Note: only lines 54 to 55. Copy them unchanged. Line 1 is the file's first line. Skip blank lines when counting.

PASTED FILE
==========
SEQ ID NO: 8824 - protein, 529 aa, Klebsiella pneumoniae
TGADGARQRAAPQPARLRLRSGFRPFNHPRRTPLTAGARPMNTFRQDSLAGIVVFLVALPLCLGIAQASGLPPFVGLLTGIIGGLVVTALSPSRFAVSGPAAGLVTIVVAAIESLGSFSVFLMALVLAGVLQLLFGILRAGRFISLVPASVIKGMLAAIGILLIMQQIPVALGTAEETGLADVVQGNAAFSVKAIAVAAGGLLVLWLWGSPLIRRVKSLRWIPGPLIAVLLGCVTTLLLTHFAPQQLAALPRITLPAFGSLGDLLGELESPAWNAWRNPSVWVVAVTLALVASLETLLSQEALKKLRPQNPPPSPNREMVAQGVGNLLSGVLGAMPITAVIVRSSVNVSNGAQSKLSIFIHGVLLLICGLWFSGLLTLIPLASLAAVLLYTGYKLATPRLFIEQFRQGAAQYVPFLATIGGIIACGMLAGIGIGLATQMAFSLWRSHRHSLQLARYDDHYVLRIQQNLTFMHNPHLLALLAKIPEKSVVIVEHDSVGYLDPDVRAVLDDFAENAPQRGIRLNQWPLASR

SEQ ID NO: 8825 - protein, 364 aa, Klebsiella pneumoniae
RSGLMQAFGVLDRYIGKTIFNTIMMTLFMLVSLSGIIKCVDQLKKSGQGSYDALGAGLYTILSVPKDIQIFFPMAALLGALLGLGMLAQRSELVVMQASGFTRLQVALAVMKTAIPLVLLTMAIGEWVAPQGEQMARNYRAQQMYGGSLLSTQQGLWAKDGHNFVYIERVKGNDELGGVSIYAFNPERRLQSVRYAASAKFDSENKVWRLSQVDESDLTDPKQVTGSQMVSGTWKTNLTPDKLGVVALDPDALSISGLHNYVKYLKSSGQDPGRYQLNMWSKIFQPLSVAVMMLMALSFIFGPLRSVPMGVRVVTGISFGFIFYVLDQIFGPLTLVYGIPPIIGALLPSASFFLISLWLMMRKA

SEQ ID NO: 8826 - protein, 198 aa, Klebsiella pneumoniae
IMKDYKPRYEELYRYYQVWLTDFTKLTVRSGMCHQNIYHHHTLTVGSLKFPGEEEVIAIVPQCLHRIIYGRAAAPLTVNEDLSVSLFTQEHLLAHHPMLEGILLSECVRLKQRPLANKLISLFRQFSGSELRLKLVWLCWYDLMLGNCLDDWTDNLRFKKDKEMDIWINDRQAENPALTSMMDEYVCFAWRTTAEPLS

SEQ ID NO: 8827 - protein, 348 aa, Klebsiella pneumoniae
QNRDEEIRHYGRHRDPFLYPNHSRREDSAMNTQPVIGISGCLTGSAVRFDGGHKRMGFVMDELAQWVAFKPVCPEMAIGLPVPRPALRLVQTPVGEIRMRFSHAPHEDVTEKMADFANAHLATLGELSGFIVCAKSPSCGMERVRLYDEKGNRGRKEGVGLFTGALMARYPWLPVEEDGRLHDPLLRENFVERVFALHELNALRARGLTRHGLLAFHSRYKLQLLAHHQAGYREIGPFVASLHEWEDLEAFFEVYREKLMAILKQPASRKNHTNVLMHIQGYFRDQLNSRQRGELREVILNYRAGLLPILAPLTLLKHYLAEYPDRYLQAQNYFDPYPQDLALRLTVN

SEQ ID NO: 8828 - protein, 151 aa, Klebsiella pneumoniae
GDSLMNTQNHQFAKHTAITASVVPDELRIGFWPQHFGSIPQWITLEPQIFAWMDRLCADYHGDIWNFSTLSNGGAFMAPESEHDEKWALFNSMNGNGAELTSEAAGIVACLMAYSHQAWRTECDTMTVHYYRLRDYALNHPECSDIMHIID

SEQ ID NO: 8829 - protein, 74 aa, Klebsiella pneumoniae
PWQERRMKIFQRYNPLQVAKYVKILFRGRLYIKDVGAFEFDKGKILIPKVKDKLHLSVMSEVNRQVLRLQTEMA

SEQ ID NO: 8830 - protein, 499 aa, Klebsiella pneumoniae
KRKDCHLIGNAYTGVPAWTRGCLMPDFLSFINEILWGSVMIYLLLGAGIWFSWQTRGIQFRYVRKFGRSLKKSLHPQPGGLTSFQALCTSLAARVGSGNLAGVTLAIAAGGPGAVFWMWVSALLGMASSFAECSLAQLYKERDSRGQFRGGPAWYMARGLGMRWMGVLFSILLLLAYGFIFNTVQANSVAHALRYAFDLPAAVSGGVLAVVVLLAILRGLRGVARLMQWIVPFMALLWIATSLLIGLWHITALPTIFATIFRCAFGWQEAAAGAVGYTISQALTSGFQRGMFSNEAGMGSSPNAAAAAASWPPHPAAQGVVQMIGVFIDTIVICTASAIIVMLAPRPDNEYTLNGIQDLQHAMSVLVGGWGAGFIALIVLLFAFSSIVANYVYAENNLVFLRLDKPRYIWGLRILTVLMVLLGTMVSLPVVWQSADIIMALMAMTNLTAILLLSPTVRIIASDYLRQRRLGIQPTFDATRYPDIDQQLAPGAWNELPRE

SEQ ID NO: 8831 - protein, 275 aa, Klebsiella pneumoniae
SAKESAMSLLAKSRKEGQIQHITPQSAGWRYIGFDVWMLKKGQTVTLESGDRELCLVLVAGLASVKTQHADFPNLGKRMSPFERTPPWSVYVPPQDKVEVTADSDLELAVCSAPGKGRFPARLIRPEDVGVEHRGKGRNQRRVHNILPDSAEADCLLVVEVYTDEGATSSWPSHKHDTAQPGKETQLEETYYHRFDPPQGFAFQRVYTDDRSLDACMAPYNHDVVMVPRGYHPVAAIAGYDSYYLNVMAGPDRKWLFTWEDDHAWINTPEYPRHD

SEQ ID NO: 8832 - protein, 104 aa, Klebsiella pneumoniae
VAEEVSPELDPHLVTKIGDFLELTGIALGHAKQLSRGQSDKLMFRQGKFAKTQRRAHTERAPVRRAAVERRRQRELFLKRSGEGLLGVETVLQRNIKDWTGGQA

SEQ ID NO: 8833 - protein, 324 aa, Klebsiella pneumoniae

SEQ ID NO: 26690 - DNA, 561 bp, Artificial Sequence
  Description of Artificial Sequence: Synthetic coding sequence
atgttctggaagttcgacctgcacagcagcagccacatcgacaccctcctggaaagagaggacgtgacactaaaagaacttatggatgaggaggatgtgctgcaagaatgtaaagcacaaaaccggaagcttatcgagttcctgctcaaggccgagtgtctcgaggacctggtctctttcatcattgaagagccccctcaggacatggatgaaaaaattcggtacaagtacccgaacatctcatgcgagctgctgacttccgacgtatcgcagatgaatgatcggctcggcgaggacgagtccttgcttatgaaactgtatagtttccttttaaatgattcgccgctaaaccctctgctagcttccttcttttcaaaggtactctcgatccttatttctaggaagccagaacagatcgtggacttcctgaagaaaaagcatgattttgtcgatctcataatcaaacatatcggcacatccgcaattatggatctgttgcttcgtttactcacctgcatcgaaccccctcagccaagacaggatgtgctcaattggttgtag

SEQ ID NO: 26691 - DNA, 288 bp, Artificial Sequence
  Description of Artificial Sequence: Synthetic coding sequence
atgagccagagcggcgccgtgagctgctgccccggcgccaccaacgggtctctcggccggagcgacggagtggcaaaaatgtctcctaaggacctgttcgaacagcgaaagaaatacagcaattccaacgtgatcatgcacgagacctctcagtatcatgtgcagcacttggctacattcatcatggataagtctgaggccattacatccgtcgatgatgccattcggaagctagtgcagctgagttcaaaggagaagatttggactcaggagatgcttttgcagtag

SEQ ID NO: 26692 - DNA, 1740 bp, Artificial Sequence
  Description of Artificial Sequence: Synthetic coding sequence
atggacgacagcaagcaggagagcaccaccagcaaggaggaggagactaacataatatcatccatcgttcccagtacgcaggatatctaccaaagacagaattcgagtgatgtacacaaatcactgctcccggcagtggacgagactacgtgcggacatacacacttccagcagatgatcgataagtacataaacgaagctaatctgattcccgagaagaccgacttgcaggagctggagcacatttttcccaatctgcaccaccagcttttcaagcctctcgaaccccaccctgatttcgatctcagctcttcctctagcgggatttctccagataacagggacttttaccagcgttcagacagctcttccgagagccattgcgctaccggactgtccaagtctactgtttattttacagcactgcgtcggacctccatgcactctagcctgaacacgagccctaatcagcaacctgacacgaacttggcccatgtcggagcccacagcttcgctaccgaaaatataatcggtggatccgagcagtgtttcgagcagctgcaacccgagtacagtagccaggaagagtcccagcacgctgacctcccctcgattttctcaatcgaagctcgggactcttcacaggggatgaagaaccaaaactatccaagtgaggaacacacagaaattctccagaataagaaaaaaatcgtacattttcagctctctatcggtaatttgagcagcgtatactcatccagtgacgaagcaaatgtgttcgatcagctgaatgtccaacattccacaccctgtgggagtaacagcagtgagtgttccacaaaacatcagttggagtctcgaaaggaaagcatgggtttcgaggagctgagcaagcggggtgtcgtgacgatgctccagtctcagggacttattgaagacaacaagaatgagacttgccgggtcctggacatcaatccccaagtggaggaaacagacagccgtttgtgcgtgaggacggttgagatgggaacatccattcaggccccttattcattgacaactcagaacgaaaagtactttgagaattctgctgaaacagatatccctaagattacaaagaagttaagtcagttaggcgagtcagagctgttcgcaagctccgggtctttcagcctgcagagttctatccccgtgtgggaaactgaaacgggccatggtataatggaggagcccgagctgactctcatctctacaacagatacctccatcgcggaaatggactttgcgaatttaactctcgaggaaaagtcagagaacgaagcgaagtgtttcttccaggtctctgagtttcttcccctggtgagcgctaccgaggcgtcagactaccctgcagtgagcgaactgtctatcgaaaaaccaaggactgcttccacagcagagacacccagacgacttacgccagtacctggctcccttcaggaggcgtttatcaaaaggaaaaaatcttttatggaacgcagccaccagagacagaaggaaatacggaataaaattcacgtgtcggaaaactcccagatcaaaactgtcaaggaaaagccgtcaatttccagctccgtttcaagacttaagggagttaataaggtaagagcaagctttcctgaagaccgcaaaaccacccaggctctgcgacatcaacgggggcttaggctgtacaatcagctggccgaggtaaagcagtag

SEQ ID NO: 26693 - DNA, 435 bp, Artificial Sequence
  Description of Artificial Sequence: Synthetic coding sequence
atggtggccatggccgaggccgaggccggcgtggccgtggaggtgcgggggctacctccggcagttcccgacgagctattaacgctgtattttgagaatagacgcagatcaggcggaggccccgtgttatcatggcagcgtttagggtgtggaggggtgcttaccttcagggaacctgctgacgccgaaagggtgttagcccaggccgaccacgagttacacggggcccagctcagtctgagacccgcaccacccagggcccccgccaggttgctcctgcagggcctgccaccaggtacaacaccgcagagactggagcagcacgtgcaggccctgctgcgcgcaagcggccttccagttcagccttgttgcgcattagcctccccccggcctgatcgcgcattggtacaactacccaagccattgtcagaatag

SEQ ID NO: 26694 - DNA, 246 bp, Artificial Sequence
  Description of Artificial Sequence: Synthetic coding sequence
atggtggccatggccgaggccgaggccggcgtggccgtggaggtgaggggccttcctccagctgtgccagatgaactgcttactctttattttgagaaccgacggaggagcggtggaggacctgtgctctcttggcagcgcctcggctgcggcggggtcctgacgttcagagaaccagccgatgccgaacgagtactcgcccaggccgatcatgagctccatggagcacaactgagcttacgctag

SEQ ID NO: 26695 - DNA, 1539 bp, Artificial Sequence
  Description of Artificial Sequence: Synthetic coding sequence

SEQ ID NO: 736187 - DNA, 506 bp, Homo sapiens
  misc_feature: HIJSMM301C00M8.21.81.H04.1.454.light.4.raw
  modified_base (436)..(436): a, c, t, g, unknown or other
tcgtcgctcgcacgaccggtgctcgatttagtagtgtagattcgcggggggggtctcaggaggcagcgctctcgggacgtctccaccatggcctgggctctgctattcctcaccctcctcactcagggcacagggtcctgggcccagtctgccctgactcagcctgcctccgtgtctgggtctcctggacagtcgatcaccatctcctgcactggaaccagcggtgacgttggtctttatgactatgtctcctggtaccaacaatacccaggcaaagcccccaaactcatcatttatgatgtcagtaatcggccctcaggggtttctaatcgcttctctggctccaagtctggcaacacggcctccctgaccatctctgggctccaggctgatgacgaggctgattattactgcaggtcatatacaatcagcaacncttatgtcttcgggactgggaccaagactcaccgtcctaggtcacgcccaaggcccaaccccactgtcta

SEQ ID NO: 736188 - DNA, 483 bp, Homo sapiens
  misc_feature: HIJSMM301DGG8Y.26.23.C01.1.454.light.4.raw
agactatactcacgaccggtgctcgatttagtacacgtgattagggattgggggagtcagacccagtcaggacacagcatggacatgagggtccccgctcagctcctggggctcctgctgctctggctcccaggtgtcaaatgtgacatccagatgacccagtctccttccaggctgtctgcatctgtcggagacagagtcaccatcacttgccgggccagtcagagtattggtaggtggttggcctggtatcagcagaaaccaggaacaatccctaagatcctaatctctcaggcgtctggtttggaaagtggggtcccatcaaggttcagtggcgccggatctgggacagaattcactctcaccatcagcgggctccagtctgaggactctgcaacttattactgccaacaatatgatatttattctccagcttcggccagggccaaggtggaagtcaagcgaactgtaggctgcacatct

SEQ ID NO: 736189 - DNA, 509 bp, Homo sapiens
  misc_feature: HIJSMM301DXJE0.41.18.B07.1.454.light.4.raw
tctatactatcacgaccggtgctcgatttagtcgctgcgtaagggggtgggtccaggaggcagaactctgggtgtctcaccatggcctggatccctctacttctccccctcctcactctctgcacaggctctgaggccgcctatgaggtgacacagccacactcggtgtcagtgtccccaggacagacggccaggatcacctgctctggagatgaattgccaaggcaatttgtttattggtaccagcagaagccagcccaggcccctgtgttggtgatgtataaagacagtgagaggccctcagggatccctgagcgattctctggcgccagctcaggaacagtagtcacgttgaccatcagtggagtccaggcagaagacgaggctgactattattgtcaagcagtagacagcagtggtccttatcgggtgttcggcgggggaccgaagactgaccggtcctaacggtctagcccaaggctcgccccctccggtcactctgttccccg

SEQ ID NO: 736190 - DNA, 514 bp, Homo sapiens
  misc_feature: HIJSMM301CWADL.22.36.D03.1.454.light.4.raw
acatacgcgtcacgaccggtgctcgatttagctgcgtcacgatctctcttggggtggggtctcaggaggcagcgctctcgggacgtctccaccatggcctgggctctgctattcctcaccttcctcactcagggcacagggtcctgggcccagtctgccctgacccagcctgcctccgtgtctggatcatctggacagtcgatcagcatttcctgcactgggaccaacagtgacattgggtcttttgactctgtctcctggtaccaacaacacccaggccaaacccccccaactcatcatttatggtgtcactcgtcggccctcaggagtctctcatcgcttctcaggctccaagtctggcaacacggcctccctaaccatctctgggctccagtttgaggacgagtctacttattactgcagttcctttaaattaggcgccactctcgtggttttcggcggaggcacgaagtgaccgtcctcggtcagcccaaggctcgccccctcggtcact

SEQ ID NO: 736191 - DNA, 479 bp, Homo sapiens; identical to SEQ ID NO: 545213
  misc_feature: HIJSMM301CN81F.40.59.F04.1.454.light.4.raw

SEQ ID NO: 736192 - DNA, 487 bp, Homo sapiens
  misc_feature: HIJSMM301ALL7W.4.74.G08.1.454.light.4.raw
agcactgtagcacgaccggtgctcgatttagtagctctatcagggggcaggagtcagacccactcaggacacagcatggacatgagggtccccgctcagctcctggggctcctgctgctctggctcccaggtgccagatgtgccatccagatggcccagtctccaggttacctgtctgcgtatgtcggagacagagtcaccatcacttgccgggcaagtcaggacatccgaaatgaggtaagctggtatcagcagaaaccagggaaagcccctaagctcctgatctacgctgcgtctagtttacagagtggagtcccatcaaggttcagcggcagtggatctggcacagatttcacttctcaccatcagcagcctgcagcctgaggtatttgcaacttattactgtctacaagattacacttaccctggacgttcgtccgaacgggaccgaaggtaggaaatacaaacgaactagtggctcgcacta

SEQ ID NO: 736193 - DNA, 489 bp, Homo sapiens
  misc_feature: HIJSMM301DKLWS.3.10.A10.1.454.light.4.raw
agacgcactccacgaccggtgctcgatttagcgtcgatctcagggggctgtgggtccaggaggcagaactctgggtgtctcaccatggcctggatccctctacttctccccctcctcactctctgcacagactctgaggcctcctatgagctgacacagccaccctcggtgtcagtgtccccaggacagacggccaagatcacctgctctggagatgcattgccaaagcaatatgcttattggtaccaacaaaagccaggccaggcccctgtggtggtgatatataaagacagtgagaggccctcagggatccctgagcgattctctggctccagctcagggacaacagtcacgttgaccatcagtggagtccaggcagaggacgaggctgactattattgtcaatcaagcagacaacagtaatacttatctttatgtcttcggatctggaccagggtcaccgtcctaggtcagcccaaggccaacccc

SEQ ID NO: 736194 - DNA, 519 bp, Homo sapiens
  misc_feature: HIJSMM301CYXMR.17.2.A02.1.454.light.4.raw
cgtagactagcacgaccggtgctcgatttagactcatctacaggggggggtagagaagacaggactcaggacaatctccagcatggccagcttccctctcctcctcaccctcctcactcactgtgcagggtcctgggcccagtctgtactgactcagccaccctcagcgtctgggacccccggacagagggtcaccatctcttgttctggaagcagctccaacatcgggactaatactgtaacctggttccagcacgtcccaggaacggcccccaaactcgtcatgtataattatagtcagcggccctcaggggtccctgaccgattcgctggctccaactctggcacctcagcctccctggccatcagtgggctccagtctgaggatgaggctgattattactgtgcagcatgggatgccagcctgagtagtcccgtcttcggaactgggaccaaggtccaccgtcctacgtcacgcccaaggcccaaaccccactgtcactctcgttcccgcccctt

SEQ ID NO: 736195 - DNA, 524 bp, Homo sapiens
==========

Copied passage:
agcactgtagcacgaccggtgctcgatttagtagctctatcagggggcaggagtcagacccactcaggacacagcatggacatgagggtccccgctcagctcctggggctcctgctgctctggctcccaggtgccagatgtgccatccagatggcccagtctccaggttacctgtctgcgtatgtcggagacagagtcaccatcacttgccgggcaagtcaggacatccgaaatgaggtaagctggtatcagcagaaaccagggaaagcccctaagctcctgatctacgctgcgtctagtttacagagtggagtcccatcaaggttcagcggcagtggatctggcacagatttcacttctcaccatcagcagcctgcagcctgaggtatttgcaacttattactgtctacaagattacacttaccctggacgttcgtccgaacgggaccgaaggtaggaaatacaaacgaactagtggctcgcacta

SEQ ID NO: 736193 - DNA, 489 bp, Homo sapiens